Written by James Killen
I finally got myself to the Heights Theater last night to see Kasey Chambers and Parker Millsap do everything within their musical power to burn that place to the ground. If you haven’t made it by there yet, it is a cozy little venue with every seat a good one and a fully stocked bar. The staff is friendly and accommodating. Most of the seats are general admission, although there are some tables up front and a couple of comfy looking boxes in the back that can be reserved. I managed to show up with neither of my memory cards for my camera, and I could have kicked myself as the view from our seats was pristine.
Oklahoman prodigy, Parker Millsap opened up the show with a full electric band. I’ve always seen him in the three piece version with fiddle and stand-up bass accompaniment. This night the bass was a Rickenbacker and a drum kit added. Millsap played an electric hollow body and brought that bluesy vocal style that is rare in someone so young. They kicked it off with the fiddler burning up his bow on a rousing “Hands Up” followed by the title track of his last disc, “The Very Last Day”.
The rocking continued with “Pining” followed by a distinctly staccato “Palisade” and a very powerful rendition of “Heaven Sent”. The band slowed it down and Parker brought out his harmonica for the lament on early rising, “The Morning Blues”. He worked his way to one of my long time favorites, “Quite Contrary” about a seedy backstreet where all of the addicts and street people are characterized as nursery rhyme personalities.
The band waded slowly into a version of Mississippi Fred McDonald’s “You Gotta Move”. (Most folks would recognize it as a Rolling Stones standard). They built that slow dirge up into a brilliant rocking blues number. Keeping the pace to an energetic crescendo, Millsap and band ended their set with “Hades Pleads”.
This was, by far, my favorite performance by one of my most favorite up and coming artists. It was the kind of opening act that would intimidate any headliner. That said, Kasey Chambers and band blew them away as the main act.
She started off softly with “Wheelbarrow”, plagued slightly by a faulty cord crackling through the tune. While the roady worked to correct the issue, Kasey turned on that sweet Australian charm, chatting up the audience and sharing road stories. Then even though she has a new album out, she promised to do a lot of the old ones too, before kicking into “Not Pretty Enough”.
Kasey was accompanied on this evening by an Australian two man band called Grizzlee Train. They turned on the bluegrass style for “Rattlin’ Bones”, followed by a song inspired by Ms. Chambers’ eldest son called, “Is God Real”. Brandon Dodd delivered an excellent acoustic solo on the KC classic, “Pony”, before Kasey turned on the vocals for “Can I Be Your Stalker”.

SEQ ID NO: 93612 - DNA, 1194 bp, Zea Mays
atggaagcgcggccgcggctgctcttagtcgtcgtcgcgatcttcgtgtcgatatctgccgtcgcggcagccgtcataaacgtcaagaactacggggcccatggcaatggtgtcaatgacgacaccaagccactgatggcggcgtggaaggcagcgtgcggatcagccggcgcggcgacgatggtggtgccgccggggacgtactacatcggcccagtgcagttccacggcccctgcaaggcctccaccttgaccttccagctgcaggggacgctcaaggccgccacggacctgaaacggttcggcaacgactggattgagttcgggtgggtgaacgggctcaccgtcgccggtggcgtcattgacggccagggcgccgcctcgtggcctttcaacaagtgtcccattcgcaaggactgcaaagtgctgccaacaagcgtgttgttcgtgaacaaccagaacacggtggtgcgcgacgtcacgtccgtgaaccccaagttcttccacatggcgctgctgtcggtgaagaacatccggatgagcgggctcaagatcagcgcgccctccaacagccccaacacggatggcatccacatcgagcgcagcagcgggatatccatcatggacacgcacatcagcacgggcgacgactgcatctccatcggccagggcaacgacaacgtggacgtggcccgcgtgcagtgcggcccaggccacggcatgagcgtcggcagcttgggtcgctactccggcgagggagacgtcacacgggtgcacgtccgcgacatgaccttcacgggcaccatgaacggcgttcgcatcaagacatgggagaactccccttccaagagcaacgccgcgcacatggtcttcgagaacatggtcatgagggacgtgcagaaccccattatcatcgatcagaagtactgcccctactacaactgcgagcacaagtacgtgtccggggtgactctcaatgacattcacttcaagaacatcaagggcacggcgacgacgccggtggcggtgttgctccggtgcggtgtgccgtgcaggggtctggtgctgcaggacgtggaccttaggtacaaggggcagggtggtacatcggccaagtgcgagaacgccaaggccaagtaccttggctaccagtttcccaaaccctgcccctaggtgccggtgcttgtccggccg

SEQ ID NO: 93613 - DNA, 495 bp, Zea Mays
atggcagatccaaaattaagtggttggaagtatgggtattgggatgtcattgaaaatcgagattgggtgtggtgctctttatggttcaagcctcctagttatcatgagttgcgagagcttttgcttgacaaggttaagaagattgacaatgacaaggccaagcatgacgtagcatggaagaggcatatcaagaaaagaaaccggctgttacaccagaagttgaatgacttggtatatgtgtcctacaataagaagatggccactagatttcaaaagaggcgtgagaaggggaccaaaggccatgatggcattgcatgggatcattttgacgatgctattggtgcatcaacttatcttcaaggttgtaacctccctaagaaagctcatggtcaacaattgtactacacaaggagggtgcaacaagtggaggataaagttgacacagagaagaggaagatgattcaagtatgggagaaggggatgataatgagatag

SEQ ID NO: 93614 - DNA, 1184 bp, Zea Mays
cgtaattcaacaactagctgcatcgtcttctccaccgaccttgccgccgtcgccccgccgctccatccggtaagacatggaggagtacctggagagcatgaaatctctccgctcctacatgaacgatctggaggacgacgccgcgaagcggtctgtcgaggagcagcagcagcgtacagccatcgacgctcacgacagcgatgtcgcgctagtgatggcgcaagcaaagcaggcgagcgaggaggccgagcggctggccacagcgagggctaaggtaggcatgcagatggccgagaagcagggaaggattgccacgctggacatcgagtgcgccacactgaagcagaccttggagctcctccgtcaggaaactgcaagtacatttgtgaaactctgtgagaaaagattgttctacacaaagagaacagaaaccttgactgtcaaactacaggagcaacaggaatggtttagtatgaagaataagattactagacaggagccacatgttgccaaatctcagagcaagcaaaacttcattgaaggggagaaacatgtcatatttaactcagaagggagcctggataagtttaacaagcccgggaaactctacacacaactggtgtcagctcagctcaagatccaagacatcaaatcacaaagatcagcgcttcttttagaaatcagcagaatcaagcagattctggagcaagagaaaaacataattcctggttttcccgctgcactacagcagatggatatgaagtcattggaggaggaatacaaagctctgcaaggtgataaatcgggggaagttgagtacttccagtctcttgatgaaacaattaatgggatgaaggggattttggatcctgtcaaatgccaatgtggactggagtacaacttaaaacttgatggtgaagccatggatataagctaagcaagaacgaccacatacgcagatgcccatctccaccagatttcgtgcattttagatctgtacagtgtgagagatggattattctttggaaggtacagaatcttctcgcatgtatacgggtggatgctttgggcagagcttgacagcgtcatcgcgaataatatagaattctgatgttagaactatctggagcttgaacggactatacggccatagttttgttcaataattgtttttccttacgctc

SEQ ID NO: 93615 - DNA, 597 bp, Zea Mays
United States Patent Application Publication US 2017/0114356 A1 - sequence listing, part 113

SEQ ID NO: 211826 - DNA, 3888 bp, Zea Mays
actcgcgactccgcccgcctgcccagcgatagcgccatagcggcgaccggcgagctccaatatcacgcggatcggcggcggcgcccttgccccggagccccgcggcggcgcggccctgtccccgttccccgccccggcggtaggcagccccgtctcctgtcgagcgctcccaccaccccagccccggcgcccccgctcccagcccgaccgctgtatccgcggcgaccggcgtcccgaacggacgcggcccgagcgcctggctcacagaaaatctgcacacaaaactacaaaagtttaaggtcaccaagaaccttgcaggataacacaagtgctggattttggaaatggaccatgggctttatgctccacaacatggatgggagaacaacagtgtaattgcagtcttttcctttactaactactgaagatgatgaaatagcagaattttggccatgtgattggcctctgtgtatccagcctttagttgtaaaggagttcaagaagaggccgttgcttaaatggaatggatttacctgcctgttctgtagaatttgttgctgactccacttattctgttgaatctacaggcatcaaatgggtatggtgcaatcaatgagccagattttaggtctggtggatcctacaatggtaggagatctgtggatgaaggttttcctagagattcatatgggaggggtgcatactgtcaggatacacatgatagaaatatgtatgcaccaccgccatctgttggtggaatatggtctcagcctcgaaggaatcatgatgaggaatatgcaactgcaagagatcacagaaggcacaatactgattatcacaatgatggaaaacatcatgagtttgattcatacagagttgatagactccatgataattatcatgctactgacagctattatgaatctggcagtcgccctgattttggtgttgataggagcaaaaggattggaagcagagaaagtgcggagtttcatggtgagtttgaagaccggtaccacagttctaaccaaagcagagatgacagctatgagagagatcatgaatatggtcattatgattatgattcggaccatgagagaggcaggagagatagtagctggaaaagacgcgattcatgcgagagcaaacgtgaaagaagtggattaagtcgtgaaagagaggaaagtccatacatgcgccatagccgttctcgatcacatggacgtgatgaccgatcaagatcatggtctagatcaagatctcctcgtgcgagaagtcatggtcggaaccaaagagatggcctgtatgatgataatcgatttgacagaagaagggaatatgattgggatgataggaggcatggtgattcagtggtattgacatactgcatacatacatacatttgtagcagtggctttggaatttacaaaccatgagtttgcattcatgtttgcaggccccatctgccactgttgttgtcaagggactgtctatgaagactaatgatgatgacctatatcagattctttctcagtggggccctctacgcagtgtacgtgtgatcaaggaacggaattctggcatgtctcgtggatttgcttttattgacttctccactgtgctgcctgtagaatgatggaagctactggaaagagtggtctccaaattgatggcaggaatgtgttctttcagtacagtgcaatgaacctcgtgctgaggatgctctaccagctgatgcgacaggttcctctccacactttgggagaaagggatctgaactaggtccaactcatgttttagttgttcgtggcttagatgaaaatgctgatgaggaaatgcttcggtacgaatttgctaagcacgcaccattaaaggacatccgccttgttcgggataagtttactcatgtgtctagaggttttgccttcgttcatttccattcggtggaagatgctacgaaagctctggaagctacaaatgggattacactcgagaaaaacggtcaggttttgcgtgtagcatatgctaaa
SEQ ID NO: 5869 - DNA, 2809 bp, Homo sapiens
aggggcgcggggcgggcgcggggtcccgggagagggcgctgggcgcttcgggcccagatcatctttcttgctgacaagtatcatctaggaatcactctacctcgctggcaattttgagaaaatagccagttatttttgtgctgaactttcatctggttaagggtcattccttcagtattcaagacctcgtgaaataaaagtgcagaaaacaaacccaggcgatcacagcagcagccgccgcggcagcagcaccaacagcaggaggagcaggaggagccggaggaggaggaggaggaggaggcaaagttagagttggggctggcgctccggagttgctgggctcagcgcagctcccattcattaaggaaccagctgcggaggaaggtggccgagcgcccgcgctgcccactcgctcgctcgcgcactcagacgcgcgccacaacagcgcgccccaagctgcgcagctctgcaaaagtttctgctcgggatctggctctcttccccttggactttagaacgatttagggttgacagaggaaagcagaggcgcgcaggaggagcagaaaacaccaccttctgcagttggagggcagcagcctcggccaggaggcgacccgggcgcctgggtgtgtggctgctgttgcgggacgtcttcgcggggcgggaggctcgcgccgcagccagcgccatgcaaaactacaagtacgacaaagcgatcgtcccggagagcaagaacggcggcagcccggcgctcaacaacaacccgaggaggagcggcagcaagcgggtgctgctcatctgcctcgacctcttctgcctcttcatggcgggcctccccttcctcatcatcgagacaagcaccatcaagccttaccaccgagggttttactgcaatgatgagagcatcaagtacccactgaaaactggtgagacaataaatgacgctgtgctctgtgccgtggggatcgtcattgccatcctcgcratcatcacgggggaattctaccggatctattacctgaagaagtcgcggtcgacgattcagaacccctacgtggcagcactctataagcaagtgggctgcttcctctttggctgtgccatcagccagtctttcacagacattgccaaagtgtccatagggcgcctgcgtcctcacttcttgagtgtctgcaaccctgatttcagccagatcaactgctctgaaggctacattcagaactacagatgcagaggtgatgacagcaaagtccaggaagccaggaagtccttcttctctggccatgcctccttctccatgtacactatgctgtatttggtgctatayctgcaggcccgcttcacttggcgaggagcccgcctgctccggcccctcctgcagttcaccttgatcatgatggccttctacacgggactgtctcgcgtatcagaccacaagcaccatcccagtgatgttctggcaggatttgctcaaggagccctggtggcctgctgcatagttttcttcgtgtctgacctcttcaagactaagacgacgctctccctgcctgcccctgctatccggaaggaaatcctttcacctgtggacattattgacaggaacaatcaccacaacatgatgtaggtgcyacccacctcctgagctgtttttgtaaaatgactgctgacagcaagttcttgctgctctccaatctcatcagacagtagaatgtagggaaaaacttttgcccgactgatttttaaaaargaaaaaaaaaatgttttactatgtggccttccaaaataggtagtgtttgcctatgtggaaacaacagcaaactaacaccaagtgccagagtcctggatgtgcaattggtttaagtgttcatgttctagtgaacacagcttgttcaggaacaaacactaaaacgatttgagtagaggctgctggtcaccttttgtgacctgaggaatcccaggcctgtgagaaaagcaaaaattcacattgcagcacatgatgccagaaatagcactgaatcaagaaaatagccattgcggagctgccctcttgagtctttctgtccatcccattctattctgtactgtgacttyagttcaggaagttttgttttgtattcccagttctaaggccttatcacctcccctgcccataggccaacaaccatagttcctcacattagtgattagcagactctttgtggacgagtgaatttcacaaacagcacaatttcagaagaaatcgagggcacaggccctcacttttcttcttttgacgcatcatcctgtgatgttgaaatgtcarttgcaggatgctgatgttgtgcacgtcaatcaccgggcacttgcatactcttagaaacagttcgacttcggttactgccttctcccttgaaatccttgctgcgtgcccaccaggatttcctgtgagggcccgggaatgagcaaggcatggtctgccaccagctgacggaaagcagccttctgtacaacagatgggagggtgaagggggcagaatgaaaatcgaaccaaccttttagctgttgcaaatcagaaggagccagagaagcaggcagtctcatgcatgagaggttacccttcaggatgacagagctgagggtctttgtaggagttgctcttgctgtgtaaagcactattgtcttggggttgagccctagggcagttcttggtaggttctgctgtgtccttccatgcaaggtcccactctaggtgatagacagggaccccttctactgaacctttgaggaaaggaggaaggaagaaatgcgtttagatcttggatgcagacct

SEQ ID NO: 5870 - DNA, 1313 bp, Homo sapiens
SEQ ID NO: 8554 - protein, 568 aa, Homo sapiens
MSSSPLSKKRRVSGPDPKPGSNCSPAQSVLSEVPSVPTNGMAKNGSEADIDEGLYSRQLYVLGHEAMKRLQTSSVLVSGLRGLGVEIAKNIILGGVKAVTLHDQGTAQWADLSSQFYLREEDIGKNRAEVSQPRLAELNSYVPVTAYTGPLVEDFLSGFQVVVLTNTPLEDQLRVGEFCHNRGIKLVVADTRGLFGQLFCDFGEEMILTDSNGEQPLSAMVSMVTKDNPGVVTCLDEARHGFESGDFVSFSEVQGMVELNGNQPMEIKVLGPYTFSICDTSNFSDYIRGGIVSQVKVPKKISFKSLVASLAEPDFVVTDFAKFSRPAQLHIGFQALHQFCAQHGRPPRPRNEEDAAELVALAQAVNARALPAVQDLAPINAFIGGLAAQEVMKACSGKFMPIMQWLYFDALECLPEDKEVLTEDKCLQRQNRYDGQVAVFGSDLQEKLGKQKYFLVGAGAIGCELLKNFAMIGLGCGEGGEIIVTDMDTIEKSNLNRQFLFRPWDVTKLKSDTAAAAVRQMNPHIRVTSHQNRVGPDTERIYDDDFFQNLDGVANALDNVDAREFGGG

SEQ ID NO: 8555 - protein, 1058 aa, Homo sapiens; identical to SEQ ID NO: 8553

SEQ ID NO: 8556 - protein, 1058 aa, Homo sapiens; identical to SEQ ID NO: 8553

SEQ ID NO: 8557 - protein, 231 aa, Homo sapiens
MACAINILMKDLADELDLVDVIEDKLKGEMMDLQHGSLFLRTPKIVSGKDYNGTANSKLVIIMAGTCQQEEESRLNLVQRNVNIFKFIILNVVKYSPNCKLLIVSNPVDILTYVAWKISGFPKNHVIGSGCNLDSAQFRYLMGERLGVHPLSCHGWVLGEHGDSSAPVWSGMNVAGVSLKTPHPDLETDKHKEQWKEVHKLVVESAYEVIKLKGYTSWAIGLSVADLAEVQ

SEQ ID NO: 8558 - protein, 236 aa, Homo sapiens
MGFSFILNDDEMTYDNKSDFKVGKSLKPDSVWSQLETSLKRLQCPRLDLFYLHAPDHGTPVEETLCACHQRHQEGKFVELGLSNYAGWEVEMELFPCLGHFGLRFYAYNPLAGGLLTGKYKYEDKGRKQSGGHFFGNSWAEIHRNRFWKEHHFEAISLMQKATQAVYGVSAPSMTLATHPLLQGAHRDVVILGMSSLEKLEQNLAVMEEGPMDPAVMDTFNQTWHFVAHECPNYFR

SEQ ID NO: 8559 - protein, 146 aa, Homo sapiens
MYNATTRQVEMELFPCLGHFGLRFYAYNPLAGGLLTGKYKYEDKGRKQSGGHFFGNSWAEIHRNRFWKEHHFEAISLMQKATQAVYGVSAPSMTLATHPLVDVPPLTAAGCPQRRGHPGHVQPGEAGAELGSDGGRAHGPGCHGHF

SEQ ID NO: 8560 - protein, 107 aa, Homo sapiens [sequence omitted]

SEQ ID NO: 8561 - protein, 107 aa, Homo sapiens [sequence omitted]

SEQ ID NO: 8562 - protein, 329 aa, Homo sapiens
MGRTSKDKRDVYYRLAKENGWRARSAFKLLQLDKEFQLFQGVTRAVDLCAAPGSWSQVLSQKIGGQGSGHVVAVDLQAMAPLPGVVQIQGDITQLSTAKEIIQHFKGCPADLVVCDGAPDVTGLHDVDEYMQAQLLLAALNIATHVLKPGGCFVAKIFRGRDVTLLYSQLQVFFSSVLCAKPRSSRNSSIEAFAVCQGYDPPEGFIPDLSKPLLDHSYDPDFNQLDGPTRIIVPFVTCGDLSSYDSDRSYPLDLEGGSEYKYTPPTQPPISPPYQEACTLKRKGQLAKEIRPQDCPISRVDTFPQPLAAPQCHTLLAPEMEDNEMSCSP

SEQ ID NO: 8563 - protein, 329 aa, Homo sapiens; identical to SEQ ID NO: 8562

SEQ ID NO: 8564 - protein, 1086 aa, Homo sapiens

The band didn’t break out any of the new songs until the seventh number, when Kasey broke out her dobro for “If I Died” and the band really rocked that one up. Then, she toned it down for the tear jerker “Henri Young” about a seventeen year old petty thief that was accidentally forgotten in solitary confinement on Alcatraz for three years. When he was let out he had become feral and immediately stabbed a fellow inmate to death. He had not exhibited any violent tendencies prior to his extreme isolation. Kasey stayed in the mellow frame as she performed a new tune on her banjo ukulele.
Percussionist, Josh Dufficy, donned a washboard and Brandon picked up a banjo for “Georgia Brown” and “Little Bit Lonesome”. Kasey left the stage as the Grizzlee Train boys performed their frantic “Running Home” with Josh moving from beat box to drum kit and blowing the harmonica and Brandon dancing all over the stage with wild guitar solos and vocals.
The audience was given a chance to catch its breath when Ms. Chambers applied her vocal talents to Lowell George’s “Willin’” only to be roused up again with the central theme for the new double disc, “Dragonfly”, “Ain’t No Little Girl”. This was the defiant version of the song with a powerful vocal punch and an equally powerful guitar solo. KC ended the set with the first song that she had ever written, the ever popular “The Captain”.
The crowd supplied a rousing standing ovation and the house lights stayed down which left anticipation that an encore was impending. The crowd was not disappointed as Kasey Chambers came out accompanied by former flame, Harry Hookey and his harmonica to play her Dylanesce “Talking Baby Blues”.
Hookey left the stage and KC was rejoined by the other two band members to close out the night with an energetic cover of the White Stripes’ “Seven Nation Arms”.
I’m afraid that last nights’ performance might have spoiled me for a while. It has been a long time (if ever) since I was in such close proximity to two such powerful vocalists, singing poignant songs and accompanied by such energetic instrumentalists. This was a perfectly paired set and anyone further down the line of this tour shouldn’t miss it.